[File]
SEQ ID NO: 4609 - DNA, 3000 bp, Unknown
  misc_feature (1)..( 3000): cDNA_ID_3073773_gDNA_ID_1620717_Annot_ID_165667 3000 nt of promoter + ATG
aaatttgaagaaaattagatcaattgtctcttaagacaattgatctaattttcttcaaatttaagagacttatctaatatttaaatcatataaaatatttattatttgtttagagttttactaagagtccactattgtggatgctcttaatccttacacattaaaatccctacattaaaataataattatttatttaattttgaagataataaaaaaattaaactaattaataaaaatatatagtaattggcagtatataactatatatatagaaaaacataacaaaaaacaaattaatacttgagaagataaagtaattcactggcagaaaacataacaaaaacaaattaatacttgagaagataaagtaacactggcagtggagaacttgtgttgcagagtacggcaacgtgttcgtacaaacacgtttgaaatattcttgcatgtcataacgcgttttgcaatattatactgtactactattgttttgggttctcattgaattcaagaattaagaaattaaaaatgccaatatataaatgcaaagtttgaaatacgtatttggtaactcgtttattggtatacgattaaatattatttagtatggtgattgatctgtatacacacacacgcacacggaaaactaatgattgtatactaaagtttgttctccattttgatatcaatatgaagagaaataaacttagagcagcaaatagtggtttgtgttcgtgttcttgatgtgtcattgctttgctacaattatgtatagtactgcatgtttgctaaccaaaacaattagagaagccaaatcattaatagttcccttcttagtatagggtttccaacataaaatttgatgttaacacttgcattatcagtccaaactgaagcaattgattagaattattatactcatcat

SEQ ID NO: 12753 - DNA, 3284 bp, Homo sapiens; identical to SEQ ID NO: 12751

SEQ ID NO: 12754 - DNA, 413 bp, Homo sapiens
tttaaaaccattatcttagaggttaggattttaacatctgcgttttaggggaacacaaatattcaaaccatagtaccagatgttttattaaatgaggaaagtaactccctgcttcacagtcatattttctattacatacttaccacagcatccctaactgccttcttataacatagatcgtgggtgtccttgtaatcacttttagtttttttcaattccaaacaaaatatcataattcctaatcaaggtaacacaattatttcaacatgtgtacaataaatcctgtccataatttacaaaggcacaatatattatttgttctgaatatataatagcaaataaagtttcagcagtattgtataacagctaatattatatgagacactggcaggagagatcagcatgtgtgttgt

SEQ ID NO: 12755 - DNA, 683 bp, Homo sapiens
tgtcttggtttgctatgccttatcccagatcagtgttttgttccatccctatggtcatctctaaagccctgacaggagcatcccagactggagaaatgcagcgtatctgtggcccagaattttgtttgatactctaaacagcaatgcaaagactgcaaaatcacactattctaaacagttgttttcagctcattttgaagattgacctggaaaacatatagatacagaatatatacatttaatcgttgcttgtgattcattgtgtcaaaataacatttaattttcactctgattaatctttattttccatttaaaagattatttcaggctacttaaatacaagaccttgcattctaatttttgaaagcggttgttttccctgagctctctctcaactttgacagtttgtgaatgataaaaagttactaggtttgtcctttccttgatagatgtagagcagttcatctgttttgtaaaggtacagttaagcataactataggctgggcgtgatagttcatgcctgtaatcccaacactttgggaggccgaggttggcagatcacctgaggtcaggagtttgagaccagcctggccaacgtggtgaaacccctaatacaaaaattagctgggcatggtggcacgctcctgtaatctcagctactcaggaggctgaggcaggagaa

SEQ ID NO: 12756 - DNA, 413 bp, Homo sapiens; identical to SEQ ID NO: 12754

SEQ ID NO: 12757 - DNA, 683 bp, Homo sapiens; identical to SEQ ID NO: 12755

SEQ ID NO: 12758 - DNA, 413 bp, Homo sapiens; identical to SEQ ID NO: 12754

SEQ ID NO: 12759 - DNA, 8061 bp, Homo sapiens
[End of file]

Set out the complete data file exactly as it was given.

SEQ ID NO: 4609 - DNA, 3000 bp, Unknown
  misc_feature (1)..( 3000): cDNA_ID_3073773_gDNA_ID_1620717_Annot_ID_165667 3000 nt of promoter + ATG
aaatttgaagaaaattagatcaattgtctcttaagacaattgatctaattttcttcaaatttaagagacttatctaatatttaaatcatataaaatatttattatttgtttagagttttactaagagtccactattgtggatgctcttaatccttacacattaaaatccctacattaaaataataattatttatttaattttgaagataataaaaaaattaaactaattaataaaaatatatagtaattggcagtatataactatatatatagaaaaacataacaaaaaacaaattaatacttgagaagataaagtaattcactggcagaaaacataacaaaaacaaattaatacttgagaagataaagtaacactggcagtggagaacttgtgttgcagagtacggcaacgtgttcgtacaaacacgtttgaaatattcttgcatgtcataacgcgttttgcaatattatactgtactactattgttttgggttctcattgaattcaagaattaagaaattaaaaatgccaatatataaatgcaaagtttgaaatacgtatttggtaactcgtttattggtatacgattaaatattatttagtatggtgattgatctgtatacacacacacgcacacggaaaactaatgattgtatactaaagtttgttctccattttgatatcaatatgaagagaaataaacttagagcagcaaatagtggtttgtgttcgtgttcttgatgtgtcattgctttgctacaattatgtatagtactgcatgtttgctaaccaaaacaattagagaagccaaatcattaatagttcccttcttagtatagggtttccaacataaaatttgatgttaacacttgcattatcagtccaaactgaagcaattgattagaattattatactcatcat

SEQ ID NO: 12753 - DNA, 3284 bp, Homo sapiens; identical to SEQ ID NO: 12751

SEQ ID NO: 12754 - DNA, 413 bp, Homo sapiens
tttaaaaccattatcttagaggttaggattttaacatctgcgttttaggggaacacaaatattcaaaccatagtaccagatgttttattaaatgaggaaagtaactccctgcttcacagtcatattttctattacatacttaccacagcatccctaactgccttcttataacatagatcgtgggtgtccttgtaatcacttttagtttttttcaattccaaacaaaatatcataattcctaatcaaggtaacacaattatttcaacatgtgtacaataaatcctgtccataatttacaaaggcacaatatattatttgttctgaatatataatagcaaataaagtttcagcagtattgtataacagctaatattatatgagacactggcaggagagatcagcatgtgtgttgt

SEQ ID NO: 12755 - DNA, 683 bp, Homo sapiens
tgtcttggtttgctatgccttatcccagatcagtgttttgttccatccctatggtcatctctaaagccctgacaggagcatcccagactggagaaatgcagcgtatctgtggcccagaattttgtttgatactctaaacagcaatgcaaagactgcaaaatcacactattctaaacagttgttttcagctcattttgaagattgacctggaaaacatatagatacagaatatatacatttaatcgttgcttgtgattcattgtgtcaaaataacatttaattttcactctgattaatctttattttccatttaaaagattatttcaggctacttaaatacaagaccttgcattctaatttttgaaagcggttgttttccctgagctctctctcaactttgacagtttgtgaatgataaaaagttactaggtttgtcctttccttgatagatgtagagcagttcatctgttttgtaaaggtacagttaagcataactataggctgggcgtgatagttcatgcctgtaatcccaacactttgggaggccgaggttggcagatcacctgaggtcaggagtttgagaccagcctggccaacgtggtgaaacccctaatacaaaaattagctgggcatggtggcacgctcctgtaatctcagctactcaggaggctgaggcaggagaa

SEQ ID NO: 12756 - DNA, 413 bp, Homo sapiens; identical to SEQ ID NO: 12754

SEQ ID NO: 12757 - DNA, 683 bp, Homo sapiens; identical to SEQ ID NO: 12755

SEQ ID NO: 12758 - DNA, 413 bp, Homo sapiens; identical to SEQ ID NO: 12754

SEQ ID NO: 12759 - DNA, 8061 bp, Homo sapiens